A large part of our knowledge on climate change is provided by the usage of coupled atmospheric-ocean Global Climate Models (GCMs), which produce numerical simulations of the Earth’s climate system for both the present and the future. However, state-of-the-art GCMs show considerable systematic errors: they are limited by low spatial resolutions and by the problematic representation of many physical processes. In particular, one of the largest sources of uncertainty is associated with the coupling between the atmospheric circulation and the water cycle.
COGNAC is conceived as a fundamental theoretical project framed in this context. It aims at readdressing the representation of moist convection, clouds and precipitation and their interaction with the surface and the soil in GCMs. A recently developed theoretical framework capable of treating in a unified way the soil, the Planetary Boundary Layer (PBL), clouds, and both shallow and deep convection will be used. Such model - the Probabilistic Plume Model, PPM - is capable to represent the whole atmospheric column (from the PBL to the tropopause) with results comparable to Large Eddies Simulations and with a minor numerical cost. COGNAC aims at improving and refining the PPM and integrating it into two models, the LMDz GCM and the EC-Earth GCM, in the form a new unified parameterization. First evaluation will be carried out on Single Column Models, and hence extended to the full 3D case. Once operational, these new GCM configurations will provide a powerful tool to study complex interactions among surface, PBL and moist convection, as the ones occurring in the Sahel, the Amazon Rainforest or the Mediterranean region. These advancements will have notable potential for improving the representation, the forecast and the evaluation of the future changes of large-impact hydro-meteorological events.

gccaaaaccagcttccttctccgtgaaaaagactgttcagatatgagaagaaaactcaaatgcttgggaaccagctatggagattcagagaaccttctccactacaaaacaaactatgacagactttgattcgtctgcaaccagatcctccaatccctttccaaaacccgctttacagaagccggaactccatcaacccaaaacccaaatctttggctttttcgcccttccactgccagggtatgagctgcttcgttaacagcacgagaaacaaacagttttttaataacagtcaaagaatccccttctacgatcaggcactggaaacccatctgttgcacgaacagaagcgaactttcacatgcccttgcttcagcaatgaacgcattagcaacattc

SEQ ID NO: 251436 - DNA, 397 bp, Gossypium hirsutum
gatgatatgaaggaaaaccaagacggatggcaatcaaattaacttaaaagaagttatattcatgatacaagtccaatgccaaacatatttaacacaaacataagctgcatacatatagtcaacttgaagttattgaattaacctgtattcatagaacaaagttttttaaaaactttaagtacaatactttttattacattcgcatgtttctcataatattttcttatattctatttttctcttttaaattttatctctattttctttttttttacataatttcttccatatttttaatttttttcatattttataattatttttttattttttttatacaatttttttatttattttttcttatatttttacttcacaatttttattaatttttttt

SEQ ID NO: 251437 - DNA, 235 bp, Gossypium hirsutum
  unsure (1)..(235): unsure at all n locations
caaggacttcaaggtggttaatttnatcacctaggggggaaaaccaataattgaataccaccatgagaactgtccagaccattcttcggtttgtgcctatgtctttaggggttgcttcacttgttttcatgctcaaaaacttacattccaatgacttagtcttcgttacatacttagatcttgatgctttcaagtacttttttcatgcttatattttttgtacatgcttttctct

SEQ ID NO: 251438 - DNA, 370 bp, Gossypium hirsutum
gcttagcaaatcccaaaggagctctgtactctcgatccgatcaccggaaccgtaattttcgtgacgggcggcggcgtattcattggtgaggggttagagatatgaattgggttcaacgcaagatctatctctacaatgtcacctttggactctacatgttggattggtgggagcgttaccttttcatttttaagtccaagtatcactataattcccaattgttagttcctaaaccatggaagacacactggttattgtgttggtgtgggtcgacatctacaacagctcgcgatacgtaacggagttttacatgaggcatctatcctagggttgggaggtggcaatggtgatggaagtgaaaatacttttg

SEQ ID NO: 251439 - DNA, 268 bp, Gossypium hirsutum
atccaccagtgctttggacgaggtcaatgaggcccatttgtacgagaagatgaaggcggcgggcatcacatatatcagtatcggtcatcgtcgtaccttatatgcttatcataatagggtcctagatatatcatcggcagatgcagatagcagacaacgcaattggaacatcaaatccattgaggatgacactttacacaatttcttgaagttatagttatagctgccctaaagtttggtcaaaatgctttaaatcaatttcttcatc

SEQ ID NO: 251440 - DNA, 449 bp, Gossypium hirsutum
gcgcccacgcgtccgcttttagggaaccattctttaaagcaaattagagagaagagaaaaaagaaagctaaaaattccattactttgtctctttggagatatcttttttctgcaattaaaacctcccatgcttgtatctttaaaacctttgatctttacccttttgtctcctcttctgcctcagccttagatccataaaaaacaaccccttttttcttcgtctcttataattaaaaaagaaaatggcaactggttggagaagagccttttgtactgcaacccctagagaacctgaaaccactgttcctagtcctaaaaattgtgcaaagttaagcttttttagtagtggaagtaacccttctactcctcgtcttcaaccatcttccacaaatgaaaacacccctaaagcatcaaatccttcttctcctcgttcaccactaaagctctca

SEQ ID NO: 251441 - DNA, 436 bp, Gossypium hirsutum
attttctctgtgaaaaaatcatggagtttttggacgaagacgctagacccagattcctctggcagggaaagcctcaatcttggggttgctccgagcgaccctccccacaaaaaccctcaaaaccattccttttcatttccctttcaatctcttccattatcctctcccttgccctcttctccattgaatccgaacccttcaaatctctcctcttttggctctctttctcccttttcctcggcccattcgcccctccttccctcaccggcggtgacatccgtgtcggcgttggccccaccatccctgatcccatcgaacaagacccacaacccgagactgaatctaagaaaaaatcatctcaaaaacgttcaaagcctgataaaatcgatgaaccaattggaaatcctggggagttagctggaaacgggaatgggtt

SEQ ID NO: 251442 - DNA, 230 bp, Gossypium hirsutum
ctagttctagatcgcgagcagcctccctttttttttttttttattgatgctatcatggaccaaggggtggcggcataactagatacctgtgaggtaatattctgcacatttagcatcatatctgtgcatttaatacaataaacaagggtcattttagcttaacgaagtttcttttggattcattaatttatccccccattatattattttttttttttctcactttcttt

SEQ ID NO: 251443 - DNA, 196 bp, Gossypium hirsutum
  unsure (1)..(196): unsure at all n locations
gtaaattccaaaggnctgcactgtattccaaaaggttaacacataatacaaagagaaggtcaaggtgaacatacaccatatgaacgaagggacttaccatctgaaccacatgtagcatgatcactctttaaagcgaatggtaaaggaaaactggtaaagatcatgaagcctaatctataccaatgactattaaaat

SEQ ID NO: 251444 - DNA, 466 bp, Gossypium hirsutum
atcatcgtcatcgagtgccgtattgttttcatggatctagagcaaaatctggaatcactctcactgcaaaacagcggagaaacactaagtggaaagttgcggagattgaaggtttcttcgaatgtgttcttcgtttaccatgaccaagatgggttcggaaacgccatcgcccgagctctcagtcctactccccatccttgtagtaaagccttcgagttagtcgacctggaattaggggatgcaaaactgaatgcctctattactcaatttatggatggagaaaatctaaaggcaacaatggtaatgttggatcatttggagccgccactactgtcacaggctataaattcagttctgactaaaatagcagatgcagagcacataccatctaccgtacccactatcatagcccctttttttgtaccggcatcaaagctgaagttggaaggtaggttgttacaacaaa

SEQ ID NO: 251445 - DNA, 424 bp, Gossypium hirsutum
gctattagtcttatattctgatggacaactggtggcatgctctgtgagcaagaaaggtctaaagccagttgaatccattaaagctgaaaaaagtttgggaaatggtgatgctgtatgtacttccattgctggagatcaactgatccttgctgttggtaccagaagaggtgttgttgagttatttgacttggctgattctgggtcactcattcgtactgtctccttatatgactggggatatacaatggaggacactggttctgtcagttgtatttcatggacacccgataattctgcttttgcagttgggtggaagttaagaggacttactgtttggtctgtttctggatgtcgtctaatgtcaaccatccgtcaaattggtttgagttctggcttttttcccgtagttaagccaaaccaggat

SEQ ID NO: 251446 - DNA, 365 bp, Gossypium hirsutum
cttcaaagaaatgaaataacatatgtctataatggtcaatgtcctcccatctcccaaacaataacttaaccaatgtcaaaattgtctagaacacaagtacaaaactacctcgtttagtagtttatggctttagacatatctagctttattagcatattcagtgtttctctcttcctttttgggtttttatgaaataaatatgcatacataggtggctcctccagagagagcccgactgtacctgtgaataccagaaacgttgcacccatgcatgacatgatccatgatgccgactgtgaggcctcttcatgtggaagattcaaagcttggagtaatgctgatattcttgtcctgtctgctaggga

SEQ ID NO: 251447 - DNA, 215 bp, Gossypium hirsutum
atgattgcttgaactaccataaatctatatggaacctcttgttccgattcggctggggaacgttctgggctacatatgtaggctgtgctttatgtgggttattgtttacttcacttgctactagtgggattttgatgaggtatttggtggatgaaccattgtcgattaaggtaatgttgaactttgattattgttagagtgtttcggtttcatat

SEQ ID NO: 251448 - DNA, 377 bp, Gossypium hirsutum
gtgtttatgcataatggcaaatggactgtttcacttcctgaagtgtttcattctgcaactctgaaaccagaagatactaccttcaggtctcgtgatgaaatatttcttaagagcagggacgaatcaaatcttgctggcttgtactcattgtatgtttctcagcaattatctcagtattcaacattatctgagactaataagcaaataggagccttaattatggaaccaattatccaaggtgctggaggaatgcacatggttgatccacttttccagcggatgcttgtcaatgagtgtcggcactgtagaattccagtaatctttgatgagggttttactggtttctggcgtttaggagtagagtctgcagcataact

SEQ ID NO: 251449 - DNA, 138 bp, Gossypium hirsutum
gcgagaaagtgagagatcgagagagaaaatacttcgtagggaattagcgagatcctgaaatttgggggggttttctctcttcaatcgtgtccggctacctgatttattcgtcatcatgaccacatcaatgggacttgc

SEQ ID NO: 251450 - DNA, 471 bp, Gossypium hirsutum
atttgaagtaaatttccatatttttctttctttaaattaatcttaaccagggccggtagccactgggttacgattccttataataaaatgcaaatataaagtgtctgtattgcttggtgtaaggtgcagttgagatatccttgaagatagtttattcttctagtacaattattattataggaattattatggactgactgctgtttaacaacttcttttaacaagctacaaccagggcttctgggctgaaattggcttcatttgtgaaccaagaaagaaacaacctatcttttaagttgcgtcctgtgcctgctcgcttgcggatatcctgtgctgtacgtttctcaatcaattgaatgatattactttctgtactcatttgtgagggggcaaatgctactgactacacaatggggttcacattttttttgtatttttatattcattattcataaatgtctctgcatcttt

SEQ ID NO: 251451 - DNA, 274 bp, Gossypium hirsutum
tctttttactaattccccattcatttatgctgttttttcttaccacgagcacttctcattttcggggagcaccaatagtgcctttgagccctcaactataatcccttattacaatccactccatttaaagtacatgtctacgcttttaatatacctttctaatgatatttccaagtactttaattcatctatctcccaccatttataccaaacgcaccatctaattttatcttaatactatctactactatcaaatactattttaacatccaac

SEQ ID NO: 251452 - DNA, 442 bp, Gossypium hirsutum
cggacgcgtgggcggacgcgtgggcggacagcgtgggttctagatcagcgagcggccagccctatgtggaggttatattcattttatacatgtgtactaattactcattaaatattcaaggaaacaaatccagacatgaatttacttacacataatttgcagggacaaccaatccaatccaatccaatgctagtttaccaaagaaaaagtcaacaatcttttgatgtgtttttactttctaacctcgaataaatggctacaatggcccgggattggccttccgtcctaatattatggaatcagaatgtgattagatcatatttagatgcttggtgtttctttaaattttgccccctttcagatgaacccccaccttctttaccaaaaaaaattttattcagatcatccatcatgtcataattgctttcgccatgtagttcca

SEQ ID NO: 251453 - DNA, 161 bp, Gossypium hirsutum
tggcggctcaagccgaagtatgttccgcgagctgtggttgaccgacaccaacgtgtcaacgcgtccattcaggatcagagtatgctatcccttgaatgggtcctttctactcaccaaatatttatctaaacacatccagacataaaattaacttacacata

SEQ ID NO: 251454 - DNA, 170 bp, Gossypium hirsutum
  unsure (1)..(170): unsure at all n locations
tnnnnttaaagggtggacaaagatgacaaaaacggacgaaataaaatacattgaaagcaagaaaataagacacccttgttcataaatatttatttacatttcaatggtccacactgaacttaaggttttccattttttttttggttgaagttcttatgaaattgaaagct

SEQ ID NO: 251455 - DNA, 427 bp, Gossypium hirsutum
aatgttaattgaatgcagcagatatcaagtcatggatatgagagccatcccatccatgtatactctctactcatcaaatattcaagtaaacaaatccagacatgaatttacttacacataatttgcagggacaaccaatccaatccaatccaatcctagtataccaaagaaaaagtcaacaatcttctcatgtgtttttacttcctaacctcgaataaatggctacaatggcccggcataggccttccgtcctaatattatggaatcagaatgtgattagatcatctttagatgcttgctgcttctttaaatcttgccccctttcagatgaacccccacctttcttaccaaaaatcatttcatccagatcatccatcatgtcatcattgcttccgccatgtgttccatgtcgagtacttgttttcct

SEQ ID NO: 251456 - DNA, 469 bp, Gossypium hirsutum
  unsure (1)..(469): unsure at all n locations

Fields of science
- natural sciencesphysical sciencesclassical mechanicsfluid mechanicsfluid dynamics
- natural sciencesearth and related environmental sciencesatmospheric sciencesmeteorologyatmospheric circulation
- natural sciencesearth and related environmental sciencesatmospheric sciencesclimatologyclimatic changes
- natural sciencesearth and related environmental sciencesatmospheric sciencesmeteorologytroposphere